Boniface VIII International Prize awarded to Cardinal Fernando Filoni

What can the first Jubilee held in Rome seven centuries ago tell us today?

Print Mail Pdf

Premio_Bonifacio_Filoni_Sassoli The Grand Master and the President of the European Parliament, David Sassoli, spoke at length on the Christian roots of Europe, during the ceremony to present the Boniface VIII International Award to Cardinal Fernando Filoni.

The Grand Master of the Order was awarded the prize in the papal city of Anagni last July, in the presence of David Sassoli, President of the European Parliament. In his Lectio Magistralis, Cardinal Filoni centered his reflection on the first historic Jubilee of 1300, called by Pope Boniface VIII.

While the Holy Land had long been the foremost and favoured destination for pilgrims, the political-military landscape in the 1300s made it a hostile one. In fact, continued Cardinal Filoni, “the Holy Land in 1300, without the protection of Christian principles, still the scene of wars and further attempts at conquest, became a difficult destination to reach and beyond the possibilities of the majority of European faithful. Rome then became the centre of pilgrimages for the great multitude of men and women on a journey of faith and in search of penitential grace, attracted by the Eternal City,” he said. “The Jubilee of 1300 actually remains the greatest ecclesiological act of Boniface VIII, all the more significant in the context of the numerous spiritual movements that demanded the reform of the Church and the papacy; the Jubilee was a response to this, born of the faith of the believers, and Rome represented the new ‘Holy Land’, a less complicated destination to reach for the pilgrim, if one thinks of the seas and unknown lands and not infrequently enemies to cross. The tombs of the Apostles Peter and Paul attracted the imagination of many, and the presence of the Successor of Peter impressed the faith of the pilgrim.”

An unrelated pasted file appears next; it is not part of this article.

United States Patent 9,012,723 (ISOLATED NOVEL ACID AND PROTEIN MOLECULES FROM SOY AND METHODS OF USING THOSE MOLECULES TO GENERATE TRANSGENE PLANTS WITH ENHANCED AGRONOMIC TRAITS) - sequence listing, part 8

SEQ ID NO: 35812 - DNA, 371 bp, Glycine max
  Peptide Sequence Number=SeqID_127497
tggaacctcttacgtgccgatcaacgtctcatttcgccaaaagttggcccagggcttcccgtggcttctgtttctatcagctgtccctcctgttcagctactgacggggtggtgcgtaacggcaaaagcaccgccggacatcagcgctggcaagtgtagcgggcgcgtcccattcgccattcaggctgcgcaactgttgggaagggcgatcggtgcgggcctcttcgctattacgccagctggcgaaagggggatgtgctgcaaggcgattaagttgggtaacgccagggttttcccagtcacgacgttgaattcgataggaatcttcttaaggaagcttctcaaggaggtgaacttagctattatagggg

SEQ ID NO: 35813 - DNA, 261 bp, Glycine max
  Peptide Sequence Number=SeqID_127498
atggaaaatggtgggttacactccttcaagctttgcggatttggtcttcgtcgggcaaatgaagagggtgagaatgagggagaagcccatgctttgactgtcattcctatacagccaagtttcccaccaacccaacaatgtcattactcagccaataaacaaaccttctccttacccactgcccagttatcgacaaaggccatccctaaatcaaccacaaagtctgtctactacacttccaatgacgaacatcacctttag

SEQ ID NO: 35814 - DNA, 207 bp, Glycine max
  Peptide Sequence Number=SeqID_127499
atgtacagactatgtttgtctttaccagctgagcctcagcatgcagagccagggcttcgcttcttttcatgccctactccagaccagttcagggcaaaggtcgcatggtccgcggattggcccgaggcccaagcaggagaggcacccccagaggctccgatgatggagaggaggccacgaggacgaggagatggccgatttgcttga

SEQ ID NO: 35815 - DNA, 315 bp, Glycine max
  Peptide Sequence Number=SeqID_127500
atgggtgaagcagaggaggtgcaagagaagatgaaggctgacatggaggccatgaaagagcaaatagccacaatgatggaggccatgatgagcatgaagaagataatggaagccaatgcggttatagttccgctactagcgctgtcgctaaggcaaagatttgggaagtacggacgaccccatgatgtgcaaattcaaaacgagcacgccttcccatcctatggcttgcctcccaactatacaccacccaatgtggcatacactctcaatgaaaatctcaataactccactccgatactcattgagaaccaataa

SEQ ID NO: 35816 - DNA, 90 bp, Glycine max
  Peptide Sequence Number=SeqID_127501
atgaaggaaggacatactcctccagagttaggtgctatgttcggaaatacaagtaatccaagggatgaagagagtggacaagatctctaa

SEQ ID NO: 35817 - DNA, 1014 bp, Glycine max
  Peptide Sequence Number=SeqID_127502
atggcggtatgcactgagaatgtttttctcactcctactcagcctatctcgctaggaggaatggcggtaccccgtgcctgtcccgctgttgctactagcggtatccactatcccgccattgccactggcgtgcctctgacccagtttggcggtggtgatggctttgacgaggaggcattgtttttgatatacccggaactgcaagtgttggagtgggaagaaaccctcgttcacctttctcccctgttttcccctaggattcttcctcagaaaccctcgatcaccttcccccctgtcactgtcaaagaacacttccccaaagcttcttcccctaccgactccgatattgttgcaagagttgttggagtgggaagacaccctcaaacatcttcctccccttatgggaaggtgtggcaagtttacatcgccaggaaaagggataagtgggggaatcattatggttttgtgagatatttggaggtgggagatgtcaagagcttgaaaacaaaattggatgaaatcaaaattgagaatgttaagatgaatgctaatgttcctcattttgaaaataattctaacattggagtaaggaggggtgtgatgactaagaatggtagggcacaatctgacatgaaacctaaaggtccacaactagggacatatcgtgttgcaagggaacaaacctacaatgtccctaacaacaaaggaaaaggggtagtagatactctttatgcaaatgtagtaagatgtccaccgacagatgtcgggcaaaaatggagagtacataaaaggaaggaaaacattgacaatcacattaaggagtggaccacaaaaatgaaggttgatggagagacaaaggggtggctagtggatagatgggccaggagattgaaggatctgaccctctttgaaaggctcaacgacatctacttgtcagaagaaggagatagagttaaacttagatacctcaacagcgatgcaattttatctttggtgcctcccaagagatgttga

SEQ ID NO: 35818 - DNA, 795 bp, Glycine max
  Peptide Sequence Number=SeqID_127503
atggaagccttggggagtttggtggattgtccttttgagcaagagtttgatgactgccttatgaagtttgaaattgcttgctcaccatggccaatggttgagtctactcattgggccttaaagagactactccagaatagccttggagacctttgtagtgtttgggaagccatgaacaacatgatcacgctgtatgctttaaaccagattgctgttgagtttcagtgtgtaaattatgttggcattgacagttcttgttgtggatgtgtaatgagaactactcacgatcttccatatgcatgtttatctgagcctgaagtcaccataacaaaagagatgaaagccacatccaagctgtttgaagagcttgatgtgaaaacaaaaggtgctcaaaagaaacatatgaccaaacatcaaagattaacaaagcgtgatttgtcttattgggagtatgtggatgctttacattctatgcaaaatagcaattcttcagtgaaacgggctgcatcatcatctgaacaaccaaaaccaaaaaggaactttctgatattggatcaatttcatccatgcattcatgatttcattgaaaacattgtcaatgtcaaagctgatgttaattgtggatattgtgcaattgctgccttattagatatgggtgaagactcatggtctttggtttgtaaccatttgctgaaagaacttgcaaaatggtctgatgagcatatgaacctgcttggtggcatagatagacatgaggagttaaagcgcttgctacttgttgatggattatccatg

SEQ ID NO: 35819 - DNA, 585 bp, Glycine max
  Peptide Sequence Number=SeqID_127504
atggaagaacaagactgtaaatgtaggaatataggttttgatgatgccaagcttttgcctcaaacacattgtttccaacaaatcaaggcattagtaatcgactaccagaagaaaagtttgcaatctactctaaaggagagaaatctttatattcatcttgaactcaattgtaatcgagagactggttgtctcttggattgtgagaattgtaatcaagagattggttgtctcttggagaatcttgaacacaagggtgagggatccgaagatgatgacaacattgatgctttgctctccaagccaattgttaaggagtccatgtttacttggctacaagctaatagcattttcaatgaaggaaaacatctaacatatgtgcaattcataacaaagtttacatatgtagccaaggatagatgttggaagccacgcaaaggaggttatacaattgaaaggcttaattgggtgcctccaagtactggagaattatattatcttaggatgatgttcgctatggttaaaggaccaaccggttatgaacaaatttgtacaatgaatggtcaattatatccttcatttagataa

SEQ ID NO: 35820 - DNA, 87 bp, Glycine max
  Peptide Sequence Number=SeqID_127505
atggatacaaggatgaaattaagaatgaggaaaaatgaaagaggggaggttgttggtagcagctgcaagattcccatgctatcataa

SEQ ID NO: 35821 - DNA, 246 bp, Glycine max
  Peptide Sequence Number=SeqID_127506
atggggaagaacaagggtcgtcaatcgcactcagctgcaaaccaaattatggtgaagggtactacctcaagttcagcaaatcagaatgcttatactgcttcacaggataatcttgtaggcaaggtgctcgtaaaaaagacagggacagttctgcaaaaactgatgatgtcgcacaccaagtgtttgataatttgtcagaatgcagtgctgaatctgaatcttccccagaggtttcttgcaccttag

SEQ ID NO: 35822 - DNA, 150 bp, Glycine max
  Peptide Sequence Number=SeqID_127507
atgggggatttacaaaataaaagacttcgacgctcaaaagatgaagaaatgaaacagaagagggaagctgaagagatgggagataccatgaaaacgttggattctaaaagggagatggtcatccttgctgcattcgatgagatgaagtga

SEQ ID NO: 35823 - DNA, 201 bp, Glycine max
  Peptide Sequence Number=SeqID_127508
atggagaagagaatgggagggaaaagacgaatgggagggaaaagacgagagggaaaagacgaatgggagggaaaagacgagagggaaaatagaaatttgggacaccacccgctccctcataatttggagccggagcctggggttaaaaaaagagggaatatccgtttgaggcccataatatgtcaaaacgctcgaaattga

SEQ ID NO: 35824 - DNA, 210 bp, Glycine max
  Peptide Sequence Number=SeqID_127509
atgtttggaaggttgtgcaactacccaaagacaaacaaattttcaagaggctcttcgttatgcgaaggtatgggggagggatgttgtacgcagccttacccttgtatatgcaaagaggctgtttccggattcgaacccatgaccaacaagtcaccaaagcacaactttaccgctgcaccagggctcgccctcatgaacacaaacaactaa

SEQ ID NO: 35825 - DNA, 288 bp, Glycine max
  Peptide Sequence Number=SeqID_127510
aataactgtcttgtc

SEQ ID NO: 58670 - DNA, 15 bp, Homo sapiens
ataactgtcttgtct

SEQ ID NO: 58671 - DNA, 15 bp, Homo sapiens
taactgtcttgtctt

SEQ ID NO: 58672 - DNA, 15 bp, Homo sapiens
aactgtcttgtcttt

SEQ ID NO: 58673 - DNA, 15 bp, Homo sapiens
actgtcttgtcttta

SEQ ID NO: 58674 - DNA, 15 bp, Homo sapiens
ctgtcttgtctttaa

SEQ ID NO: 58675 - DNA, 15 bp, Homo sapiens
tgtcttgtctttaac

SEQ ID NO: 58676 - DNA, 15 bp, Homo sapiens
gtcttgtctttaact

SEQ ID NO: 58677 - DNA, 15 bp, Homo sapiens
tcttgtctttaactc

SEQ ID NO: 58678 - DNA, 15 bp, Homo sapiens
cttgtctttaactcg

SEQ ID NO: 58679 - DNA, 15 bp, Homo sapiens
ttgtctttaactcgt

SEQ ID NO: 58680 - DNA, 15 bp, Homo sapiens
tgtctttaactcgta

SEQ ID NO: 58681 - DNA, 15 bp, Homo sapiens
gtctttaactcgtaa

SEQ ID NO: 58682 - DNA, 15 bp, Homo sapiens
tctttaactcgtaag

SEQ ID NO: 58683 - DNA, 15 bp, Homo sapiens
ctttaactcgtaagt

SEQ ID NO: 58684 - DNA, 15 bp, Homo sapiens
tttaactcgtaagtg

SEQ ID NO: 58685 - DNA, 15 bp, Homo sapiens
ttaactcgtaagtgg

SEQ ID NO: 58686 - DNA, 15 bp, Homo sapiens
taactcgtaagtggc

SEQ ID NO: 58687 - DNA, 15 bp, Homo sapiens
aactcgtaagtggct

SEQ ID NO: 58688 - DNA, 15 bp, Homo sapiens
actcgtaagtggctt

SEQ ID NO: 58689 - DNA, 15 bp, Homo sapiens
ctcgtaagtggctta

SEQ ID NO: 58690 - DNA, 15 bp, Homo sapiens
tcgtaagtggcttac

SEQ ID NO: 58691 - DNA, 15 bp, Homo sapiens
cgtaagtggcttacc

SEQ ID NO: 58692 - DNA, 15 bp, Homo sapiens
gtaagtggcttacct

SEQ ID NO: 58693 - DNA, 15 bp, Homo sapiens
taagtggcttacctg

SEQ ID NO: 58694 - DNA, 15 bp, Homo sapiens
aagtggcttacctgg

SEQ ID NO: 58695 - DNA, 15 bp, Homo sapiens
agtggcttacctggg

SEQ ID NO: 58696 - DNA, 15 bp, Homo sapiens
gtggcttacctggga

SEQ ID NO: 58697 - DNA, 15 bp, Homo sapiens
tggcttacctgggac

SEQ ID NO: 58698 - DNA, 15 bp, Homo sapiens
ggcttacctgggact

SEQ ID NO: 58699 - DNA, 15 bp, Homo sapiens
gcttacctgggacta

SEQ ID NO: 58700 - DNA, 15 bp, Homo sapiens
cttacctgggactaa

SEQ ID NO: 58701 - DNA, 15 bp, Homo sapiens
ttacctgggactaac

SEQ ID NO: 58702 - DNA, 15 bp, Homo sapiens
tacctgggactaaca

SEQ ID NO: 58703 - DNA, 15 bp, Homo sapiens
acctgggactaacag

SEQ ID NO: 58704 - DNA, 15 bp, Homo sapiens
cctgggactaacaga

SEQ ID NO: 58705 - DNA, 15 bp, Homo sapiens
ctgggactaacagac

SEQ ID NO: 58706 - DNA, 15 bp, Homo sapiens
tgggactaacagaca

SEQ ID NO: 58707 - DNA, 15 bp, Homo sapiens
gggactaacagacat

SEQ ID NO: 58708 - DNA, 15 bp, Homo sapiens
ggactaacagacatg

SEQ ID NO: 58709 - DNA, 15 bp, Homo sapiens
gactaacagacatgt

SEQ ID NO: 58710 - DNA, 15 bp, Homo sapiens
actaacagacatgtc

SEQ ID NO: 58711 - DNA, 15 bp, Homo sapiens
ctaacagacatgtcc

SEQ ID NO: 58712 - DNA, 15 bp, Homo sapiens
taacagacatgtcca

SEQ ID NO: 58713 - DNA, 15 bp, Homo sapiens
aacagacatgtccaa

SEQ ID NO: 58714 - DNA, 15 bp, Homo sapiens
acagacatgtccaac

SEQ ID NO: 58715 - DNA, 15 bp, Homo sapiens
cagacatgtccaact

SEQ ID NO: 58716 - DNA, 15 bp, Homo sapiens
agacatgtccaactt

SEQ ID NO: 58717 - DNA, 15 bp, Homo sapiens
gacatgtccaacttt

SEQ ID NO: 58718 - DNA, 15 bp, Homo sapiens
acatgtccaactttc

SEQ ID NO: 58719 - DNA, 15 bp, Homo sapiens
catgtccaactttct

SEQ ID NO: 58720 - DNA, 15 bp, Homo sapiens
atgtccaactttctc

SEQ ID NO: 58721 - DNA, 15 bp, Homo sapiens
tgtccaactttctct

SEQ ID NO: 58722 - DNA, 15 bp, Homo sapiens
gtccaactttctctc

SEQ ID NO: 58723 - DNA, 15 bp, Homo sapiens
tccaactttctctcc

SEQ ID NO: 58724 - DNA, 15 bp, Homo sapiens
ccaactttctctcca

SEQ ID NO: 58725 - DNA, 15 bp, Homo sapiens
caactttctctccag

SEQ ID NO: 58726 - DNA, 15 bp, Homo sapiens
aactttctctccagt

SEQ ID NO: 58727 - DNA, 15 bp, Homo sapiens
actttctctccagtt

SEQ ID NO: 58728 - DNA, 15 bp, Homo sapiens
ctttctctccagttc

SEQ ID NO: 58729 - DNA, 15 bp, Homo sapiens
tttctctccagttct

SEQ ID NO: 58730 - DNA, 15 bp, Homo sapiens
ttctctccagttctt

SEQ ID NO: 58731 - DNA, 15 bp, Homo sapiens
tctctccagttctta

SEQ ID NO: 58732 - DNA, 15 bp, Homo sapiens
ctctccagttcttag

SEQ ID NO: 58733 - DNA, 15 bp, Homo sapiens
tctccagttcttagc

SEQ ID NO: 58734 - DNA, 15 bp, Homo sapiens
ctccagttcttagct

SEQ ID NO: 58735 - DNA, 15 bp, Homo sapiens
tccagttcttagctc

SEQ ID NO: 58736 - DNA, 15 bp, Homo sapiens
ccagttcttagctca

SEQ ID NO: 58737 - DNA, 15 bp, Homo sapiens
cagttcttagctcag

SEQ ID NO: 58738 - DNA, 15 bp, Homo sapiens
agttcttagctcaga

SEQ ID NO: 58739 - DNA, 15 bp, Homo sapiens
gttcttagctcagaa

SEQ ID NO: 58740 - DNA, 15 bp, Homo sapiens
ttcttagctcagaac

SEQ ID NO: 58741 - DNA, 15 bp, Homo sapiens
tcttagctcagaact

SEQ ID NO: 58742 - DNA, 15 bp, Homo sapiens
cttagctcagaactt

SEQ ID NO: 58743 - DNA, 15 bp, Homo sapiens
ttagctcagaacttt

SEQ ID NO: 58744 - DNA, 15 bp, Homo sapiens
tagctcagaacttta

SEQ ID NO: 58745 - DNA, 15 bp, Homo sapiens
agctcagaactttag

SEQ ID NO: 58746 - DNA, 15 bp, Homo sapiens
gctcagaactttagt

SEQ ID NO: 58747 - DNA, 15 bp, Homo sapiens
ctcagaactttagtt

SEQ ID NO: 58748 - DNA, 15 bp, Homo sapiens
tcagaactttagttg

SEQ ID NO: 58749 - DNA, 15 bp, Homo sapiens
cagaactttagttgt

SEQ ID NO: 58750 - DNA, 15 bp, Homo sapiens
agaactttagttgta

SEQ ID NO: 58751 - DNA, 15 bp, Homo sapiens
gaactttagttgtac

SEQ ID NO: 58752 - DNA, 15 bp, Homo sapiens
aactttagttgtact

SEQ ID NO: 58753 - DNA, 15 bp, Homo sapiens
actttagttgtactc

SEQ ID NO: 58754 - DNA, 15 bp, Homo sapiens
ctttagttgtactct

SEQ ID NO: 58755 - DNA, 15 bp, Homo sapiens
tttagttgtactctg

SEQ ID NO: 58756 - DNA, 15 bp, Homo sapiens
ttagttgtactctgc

Today’s context is certainly different, but even in 2021 we keenly feel in need of God’s mercy and pilgrimage to the Holy Land, which is intrinsic to the Knights and Dames and at the heart of membership in the Order of the Holy Sepulchre, is not easily achievable due to the complicated health and safety measures in place in nations across the world.

And yet, the experience of the Jubilee of 1300 which, starting from an objective difficulty, was able to follow the desire of the faithful and the impulse of the Spirit, teaches us that there are no boundaries to God’s mercy. Even if for many it will not be possible to go on pilgrimage to the Holy Land during these months, let us keep up our desire to be encountered by God in the situations of our lives, leaving the doors open to His grace that always finds a way to reach us.


Elena Dini


(October 2021)